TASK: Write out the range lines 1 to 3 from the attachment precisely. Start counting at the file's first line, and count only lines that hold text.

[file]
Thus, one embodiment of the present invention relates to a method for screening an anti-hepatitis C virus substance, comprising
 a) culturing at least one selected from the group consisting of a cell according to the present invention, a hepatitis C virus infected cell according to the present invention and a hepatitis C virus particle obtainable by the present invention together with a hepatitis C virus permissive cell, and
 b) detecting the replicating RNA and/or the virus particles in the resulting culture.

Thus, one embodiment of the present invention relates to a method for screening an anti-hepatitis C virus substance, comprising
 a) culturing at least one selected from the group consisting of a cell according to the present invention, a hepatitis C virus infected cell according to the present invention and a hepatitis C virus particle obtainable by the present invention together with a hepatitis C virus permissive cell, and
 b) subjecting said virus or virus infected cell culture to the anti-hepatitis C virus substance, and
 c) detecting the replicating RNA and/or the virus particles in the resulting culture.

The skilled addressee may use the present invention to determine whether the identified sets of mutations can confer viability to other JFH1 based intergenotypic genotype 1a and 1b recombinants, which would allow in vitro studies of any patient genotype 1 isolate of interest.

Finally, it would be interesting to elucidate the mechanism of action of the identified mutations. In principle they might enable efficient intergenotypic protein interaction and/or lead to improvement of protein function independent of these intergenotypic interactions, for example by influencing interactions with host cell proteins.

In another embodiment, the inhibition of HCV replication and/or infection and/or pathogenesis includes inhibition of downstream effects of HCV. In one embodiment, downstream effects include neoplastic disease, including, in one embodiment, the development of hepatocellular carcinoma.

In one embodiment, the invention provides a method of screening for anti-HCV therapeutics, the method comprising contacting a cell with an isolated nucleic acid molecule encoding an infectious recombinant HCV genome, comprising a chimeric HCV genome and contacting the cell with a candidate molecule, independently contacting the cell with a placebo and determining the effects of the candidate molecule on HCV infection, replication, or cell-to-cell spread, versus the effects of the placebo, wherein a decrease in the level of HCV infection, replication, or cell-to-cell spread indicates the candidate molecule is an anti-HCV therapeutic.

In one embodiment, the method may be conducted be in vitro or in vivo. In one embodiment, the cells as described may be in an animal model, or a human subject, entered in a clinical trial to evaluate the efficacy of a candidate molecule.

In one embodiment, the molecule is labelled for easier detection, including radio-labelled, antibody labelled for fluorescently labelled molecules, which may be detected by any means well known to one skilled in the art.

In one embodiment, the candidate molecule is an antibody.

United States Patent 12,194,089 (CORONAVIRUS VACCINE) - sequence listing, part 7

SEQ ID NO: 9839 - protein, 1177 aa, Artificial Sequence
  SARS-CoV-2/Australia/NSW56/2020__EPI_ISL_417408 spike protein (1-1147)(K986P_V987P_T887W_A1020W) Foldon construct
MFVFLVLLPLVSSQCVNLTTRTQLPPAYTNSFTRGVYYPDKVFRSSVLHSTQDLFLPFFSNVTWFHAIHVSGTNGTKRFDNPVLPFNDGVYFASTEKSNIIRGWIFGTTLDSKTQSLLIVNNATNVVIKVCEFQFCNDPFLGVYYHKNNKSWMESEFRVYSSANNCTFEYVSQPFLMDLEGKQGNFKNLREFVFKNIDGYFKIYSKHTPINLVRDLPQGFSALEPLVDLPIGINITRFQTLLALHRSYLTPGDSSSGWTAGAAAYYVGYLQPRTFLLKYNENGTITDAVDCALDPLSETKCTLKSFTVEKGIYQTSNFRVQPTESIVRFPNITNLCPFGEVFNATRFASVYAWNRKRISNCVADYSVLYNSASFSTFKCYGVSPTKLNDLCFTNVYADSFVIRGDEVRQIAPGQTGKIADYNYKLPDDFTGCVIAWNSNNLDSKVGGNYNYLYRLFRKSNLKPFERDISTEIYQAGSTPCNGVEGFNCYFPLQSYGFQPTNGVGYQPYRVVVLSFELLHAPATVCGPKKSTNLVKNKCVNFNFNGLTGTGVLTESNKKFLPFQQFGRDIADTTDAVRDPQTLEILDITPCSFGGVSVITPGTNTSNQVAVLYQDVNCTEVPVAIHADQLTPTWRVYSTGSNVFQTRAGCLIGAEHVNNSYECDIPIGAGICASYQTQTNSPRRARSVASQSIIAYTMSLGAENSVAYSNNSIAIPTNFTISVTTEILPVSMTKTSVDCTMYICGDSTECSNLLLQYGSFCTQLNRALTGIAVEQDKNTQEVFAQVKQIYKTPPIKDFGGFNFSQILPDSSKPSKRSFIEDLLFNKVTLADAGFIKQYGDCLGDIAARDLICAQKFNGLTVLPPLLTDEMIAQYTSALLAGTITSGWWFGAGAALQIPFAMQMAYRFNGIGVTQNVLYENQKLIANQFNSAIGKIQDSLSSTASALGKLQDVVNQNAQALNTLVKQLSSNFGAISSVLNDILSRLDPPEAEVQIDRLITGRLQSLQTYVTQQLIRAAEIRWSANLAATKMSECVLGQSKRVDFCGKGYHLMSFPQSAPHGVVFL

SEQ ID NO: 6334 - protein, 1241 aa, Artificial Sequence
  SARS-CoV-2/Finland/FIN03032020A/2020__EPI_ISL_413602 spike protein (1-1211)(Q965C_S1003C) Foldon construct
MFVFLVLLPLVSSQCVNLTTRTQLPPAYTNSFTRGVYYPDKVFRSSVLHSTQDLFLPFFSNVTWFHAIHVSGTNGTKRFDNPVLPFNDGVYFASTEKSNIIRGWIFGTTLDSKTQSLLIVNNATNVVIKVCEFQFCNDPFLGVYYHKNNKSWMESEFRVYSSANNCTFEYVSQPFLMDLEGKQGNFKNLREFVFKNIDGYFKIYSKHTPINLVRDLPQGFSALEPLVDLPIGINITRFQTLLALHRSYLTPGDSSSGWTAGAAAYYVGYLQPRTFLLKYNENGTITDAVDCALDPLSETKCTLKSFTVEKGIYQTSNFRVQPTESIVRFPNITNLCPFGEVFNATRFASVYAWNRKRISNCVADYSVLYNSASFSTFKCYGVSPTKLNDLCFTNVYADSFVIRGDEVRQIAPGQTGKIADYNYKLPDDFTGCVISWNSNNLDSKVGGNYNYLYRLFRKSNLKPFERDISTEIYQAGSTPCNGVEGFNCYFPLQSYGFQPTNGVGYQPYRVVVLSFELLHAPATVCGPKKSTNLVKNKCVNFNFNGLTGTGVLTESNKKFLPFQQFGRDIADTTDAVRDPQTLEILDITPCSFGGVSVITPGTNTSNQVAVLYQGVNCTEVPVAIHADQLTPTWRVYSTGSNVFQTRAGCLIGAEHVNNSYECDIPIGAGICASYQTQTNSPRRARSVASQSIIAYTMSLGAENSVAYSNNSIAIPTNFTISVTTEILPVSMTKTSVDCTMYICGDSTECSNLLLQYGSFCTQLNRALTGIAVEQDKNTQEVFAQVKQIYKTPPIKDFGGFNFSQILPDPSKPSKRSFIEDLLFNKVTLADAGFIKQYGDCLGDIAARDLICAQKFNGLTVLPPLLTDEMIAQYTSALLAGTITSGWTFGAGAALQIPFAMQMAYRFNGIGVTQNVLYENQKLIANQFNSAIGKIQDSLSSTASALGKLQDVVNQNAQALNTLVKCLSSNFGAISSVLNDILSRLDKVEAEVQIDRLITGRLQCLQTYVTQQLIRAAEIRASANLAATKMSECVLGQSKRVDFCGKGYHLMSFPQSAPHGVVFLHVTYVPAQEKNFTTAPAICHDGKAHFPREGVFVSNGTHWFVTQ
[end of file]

Thus, one embodiment of the present invention relates to a method for screening an anti-hepatitis C virus substance, comprising
 a) culturing at least one selected from the group consisting of a cell according to the present invention, a hepatitis C virus infected cell according to the present invention and a hepatitis C virus particle obtainable by the present invention together with a hepatitis C virus permissive cell, and
 b) detecting the replicating RNA and/or the virus particles in the resulting culture.